House Republicans are not pleased with President Barack Obama's recent executive actions on immigration, and they devoted two hearings and several hours on Tuesday to making that point.
At separate meetings of the House's Homeland Security Committee and Judiciary Committee, GOP members called Obama's actions unconstitutional and dangerous, both to the country and the rule of law in general.
Homeland Security Secretary Jeh Johnson was questioned by the Homeland Security Committee. Some Republicans quickly mentioned their dislike of Obama's decision when they began talking; others emphasized their disagreement more creatively.
"What do you say to someone who believes the president took action to change the law?" Rep. Jason Chaffetz (R-Utah) asked Johnson.
Johnson replied that the administration did not change the law, and rather acted within Obama's existing authority. Chaffetz brought out a video of Obama saying last week that he "took an action to change the law" on immigration. (White House spokesman Josh Earnest said later Tuesday that Obama was "speaking colloquially" when he said he had changed the law.)
"So you say he didn't change the law, but the president says he changed the law," Chaffetz said.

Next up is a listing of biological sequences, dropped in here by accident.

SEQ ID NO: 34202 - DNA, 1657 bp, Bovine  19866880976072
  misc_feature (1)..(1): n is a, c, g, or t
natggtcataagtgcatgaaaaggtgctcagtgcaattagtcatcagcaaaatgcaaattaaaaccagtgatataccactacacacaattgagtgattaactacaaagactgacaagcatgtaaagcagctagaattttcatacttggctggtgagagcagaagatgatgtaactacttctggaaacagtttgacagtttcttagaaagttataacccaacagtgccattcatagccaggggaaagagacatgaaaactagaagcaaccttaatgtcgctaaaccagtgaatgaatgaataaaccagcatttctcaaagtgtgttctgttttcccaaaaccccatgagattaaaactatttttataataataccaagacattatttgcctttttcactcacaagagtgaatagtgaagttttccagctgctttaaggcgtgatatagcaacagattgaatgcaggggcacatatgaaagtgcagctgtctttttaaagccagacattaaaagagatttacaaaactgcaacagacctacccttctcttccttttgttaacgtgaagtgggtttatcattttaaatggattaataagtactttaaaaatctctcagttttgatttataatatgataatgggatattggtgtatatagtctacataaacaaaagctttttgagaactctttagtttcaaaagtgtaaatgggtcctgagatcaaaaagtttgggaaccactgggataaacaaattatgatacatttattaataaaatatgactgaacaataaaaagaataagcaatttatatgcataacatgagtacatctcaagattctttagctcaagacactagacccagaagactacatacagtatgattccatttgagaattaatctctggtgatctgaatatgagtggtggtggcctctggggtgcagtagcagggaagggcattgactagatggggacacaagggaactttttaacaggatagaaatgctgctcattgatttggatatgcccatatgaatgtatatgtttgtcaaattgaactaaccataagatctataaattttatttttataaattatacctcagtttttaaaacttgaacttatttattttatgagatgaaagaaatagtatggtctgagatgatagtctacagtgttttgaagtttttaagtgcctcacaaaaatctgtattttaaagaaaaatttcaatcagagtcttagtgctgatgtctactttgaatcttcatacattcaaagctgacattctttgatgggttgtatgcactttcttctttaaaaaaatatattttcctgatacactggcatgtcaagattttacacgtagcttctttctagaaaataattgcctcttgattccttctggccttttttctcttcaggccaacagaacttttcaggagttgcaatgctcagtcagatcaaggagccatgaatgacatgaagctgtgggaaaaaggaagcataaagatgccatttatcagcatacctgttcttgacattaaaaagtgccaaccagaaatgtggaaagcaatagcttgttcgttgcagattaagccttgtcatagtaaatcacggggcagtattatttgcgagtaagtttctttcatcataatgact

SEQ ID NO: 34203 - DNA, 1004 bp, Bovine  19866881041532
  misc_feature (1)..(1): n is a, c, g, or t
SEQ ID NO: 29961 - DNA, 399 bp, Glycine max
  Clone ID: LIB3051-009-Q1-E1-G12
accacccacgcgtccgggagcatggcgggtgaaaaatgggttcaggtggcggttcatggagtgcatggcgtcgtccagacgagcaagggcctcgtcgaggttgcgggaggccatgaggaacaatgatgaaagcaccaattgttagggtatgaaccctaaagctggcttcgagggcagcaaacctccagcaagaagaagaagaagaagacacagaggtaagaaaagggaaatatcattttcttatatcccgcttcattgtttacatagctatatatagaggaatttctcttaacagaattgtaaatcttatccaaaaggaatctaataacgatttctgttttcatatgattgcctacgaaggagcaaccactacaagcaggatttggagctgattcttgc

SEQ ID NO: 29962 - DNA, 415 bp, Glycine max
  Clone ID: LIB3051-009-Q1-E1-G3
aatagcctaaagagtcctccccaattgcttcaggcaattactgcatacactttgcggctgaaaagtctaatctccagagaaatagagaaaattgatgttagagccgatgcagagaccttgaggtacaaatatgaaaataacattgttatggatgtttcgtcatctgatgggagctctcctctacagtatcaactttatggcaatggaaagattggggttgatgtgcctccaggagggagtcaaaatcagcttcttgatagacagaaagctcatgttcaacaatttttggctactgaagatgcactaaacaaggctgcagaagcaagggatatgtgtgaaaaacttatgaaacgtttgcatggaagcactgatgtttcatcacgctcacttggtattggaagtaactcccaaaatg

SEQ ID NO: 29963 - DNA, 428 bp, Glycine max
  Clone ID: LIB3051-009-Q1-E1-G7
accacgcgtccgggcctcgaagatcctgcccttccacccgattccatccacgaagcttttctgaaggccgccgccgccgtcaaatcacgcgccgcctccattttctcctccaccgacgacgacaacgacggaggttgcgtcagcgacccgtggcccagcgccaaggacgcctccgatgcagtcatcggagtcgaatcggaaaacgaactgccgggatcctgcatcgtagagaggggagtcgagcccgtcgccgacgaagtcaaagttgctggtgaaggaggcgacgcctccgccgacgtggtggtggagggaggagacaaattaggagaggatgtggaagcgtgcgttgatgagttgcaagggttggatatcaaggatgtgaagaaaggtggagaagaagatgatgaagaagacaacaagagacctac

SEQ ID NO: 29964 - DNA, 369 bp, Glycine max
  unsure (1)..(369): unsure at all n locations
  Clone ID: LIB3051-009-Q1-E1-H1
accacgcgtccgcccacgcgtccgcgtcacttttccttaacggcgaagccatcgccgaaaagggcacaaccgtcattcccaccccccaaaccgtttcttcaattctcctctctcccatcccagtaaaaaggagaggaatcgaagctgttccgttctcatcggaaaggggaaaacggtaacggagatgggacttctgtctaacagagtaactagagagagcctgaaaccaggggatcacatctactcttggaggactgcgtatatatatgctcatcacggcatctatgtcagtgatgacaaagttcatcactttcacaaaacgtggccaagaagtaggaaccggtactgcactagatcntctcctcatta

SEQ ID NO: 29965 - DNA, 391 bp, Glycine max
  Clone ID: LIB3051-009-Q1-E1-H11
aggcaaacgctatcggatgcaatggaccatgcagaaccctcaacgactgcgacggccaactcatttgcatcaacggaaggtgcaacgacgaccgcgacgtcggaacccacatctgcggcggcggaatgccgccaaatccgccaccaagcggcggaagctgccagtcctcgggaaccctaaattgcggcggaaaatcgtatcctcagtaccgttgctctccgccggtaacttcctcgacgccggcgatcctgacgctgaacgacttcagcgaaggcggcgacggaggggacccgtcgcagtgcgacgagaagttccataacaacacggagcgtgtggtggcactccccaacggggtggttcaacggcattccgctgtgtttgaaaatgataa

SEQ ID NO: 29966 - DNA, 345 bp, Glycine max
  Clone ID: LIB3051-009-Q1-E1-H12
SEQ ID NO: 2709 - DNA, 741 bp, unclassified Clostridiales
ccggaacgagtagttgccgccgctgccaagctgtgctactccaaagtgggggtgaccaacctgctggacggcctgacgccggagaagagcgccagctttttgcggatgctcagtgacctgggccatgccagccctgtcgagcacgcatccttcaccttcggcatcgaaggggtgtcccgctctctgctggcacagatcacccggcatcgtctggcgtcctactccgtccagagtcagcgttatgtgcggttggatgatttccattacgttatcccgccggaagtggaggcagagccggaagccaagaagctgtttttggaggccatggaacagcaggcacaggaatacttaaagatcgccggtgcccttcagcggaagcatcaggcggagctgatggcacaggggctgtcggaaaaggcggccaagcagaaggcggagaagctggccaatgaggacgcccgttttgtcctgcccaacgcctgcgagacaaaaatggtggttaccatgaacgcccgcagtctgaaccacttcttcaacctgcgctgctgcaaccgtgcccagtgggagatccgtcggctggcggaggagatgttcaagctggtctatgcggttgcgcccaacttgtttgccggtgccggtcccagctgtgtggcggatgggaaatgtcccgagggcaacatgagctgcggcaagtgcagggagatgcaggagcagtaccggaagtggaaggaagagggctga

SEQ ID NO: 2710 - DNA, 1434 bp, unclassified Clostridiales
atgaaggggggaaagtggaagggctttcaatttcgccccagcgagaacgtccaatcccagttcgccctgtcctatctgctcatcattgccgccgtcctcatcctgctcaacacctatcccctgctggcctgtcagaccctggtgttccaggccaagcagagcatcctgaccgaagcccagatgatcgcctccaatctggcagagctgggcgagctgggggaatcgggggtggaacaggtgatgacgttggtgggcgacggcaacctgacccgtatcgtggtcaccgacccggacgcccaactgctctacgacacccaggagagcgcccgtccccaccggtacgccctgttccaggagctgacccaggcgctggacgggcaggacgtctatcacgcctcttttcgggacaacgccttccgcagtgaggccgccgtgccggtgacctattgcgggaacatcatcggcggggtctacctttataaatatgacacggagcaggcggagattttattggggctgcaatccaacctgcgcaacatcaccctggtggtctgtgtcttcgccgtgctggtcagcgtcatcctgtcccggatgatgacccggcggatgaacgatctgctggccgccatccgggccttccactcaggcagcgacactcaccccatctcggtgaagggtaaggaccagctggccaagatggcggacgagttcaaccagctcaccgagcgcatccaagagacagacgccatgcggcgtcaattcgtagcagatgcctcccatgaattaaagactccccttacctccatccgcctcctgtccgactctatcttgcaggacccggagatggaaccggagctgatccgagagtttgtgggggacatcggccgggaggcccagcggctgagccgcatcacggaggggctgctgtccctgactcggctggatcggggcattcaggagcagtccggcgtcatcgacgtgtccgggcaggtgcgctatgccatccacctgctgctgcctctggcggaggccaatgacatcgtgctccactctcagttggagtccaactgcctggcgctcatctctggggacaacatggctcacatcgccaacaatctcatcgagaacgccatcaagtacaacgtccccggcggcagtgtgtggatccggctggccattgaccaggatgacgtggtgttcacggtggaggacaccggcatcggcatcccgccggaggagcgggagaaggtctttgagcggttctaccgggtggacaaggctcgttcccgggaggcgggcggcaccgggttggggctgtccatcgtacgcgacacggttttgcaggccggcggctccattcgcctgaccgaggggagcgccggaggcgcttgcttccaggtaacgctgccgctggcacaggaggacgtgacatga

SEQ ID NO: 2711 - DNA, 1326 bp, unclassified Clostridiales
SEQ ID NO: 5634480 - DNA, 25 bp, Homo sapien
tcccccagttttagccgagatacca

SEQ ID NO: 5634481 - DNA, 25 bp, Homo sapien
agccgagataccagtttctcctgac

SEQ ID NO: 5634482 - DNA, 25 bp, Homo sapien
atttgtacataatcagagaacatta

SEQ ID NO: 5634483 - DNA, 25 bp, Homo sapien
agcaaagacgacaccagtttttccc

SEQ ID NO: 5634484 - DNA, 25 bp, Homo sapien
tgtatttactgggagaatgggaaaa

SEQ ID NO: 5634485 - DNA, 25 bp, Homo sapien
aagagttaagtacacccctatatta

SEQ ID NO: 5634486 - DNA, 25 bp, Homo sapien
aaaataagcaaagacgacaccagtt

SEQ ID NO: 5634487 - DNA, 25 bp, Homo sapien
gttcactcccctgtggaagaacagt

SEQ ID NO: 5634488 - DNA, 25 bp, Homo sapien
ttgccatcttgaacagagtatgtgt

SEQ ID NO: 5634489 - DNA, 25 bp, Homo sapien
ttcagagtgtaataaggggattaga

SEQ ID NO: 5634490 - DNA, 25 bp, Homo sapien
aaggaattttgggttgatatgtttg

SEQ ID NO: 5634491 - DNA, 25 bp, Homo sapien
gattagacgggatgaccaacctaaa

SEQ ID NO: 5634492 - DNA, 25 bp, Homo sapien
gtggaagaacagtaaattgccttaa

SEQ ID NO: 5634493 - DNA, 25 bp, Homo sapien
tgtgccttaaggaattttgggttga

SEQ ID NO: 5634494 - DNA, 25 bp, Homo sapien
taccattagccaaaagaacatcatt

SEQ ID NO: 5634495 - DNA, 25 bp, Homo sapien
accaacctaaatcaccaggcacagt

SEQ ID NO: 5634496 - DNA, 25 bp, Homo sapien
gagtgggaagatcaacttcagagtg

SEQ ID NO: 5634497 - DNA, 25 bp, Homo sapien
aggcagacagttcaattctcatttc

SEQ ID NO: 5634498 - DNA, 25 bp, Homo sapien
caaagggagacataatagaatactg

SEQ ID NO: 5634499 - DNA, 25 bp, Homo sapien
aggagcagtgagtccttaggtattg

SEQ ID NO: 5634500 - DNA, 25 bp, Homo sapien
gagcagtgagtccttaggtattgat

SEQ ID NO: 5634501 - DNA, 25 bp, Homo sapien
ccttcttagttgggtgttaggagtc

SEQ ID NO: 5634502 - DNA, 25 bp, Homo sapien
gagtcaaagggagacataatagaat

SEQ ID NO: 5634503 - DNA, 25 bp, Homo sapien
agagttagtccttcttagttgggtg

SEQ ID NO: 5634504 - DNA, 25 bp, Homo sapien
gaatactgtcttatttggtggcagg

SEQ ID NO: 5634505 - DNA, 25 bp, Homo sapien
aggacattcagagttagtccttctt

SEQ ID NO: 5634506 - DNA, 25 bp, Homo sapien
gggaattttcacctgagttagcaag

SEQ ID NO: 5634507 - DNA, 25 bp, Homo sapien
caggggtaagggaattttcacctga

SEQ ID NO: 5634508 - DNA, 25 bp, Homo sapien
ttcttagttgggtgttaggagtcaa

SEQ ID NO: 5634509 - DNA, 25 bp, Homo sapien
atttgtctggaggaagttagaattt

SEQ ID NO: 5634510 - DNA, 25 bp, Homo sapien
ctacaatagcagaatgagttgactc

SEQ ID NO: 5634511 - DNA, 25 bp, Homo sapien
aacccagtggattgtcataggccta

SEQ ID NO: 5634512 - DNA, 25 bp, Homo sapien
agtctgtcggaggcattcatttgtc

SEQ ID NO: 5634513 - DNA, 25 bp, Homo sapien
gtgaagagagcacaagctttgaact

House Homeland Security Chairman Michael McCaul (R-Texas) called Obama's action a "power grab" and said it "undermines the principle that the people, not just one man, should be the ultimate decision makers in our country's most important political matters."
At the Judiciary Committee hearing later on Tuesday, Chairman Bob Goodlatte (R-Va.) played a different video of Obama, one in which he says repeatedly over the years that he can't halt deportations without Congress.
"President Obama has just announced the biggest constitutional power grabs ever by a president," Goodlatte said in his opening statements. "He has declared unilaterally, that by his own estimation, almost 5 million unlawful immigrants will be free from the legal consequences of their lawless actions."
Later, Rep. Steve Chabot (R-Ohio) held up a children's book titled "How Laws Are Made" to highlight his point that Obama shouldn't have gone around Congress.
"You know, fifth grade," Chabot quipped, as he hoisted the book.
But Democratic House members defended Obama's recent move.
"When President Obama spoke from the east wing of the White House two weeks ago, about the steps he would take to improve our broken immigration system, he was responding to loud and sustained calls for action from people all over the country," Rep. Zoe Lofgren (D-Calif.) said. "He can't change the law, but he can take certain actions within the law."
Watch the video above.